This week, we’re sharing a poem recently read with some of our reading groups for people living with dementia – a selection by the American poet Sara Teasdale. One of our group leaders explains how it has evoked some mixed emotions:
“Initially there has been a negative feeling from the first reading of the poem, particularly the line ‘If mankind perish utterly’. Once we’ve read it a few times and reflected further, the responses of the group members seem to change and become more appreciative and less negative; although the sense of sadness remains, it is perhaps less singular – other things are alongside it, not just sadness once we’ve talked about it.”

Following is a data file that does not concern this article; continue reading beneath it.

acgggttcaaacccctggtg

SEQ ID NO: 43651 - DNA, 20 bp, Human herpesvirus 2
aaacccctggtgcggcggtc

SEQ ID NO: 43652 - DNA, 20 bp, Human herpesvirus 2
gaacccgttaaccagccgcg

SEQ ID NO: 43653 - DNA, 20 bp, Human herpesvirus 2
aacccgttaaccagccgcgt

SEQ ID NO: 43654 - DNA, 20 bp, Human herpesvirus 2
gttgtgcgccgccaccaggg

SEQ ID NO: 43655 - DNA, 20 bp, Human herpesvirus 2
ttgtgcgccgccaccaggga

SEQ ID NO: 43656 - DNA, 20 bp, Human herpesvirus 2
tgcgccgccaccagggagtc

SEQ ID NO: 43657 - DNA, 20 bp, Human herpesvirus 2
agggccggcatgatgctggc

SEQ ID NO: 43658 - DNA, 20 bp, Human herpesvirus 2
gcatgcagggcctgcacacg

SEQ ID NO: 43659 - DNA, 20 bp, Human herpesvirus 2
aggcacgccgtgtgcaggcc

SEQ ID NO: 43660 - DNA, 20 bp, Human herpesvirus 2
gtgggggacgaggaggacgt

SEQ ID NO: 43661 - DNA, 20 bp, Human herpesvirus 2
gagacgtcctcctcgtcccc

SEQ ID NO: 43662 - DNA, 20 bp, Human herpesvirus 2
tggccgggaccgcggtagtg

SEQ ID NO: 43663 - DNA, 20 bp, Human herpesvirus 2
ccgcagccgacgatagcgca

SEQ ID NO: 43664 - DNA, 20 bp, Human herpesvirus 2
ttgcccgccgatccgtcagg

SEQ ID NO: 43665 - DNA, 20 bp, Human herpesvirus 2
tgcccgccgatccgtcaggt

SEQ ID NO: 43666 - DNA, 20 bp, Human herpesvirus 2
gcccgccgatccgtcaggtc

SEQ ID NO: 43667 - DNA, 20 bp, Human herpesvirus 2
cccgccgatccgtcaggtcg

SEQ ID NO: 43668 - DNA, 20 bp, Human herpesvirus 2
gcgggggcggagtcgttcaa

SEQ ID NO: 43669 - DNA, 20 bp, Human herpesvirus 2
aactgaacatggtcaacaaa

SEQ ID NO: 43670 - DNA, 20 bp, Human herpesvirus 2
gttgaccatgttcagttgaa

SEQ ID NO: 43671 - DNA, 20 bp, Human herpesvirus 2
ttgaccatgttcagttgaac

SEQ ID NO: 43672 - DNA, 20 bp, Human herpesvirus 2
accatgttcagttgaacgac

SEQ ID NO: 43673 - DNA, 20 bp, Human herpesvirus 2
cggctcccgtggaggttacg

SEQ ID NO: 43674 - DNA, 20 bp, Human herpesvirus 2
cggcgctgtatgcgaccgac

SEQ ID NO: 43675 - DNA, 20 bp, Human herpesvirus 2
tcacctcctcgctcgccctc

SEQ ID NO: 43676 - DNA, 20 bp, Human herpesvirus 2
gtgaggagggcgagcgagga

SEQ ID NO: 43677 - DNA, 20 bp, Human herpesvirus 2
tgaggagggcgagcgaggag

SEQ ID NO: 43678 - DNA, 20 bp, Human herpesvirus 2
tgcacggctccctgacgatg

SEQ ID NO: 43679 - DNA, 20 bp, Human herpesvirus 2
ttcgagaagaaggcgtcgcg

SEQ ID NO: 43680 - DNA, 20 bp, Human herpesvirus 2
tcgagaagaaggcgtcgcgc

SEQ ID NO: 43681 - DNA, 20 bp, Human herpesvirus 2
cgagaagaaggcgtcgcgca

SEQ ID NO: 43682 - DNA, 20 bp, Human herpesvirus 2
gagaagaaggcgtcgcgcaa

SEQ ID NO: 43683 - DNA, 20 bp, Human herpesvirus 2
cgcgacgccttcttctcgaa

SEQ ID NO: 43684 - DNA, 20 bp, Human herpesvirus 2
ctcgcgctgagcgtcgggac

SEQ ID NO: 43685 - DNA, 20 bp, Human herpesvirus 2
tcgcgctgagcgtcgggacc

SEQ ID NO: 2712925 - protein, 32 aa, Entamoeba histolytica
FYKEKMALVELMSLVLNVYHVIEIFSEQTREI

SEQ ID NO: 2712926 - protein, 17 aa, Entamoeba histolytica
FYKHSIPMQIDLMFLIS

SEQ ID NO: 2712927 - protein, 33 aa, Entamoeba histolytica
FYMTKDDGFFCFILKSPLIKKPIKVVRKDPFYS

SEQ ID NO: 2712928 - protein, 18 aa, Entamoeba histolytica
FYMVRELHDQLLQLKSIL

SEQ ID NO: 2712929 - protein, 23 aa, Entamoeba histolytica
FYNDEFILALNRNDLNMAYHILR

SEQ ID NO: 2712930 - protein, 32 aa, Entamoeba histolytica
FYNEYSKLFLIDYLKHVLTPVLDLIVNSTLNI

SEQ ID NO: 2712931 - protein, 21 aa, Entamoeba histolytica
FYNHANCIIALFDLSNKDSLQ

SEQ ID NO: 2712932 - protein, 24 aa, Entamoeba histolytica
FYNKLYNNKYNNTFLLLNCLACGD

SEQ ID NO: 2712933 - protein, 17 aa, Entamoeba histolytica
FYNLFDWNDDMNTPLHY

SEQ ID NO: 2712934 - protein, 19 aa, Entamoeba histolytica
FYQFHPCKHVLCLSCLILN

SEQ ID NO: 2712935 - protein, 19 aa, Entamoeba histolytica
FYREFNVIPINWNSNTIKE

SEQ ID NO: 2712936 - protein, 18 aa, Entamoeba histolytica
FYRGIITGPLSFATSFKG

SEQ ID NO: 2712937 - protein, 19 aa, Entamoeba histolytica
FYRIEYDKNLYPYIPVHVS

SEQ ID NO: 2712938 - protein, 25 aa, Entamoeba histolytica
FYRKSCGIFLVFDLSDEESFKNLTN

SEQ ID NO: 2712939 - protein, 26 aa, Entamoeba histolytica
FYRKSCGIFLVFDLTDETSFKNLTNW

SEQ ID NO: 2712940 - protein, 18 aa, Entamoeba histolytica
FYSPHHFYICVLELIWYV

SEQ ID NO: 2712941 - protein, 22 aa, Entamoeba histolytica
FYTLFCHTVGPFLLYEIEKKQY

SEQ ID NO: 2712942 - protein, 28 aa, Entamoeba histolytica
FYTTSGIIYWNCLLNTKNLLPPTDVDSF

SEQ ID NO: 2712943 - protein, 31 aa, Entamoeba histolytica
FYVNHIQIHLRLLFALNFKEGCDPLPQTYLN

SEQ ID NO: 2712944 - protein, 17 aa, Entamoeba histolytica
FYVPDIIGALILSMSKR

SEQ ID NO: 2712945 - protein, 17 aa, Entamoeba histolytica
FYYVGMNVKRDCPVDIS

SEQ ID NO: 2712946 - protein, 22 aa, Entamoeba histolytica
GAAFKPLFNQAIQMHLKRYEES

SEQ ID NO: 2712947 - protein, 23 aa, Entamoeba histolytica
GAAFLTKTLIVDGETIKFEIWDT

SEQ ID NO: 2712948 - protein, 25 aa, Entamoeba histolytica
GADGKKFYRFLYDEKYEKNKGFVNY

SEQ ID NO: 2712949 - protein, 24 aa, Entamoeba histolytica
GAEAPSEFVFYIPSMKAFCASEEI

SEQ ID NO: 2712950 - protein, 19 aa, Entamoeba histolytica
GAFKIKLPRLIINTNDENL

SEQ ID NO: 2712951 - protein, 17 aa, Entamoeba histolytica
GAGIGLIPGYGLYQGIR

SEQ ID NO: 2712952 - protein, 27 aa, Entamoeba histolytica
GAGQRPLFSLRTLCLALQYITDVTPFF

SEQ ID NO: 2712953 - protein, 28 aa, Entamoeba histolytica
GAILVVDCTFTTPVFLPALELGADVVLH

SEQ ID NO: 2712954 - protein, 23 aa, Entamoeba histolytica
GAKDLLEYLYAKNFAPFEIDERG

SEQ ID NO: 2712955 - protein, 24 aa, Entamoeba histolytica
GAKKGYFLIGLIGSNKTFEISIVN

There Will Come Soft Rains
There will come soft rains and the smell of the ground,
And swallows circling with their shimmering sound;
And frogs in the pools singing at night,
And wild plum trees in tremulous white,
Robins will wear their feathery fire
Whistling their whims on a low fence-wire;
And not one will know of the war, not one
Will care at last when it is done.
Not one would mind, neither bird nor tree
If mankind perished utterly;
And Spring herself, when she woke at dawn,
Would scarcely know that we were gone.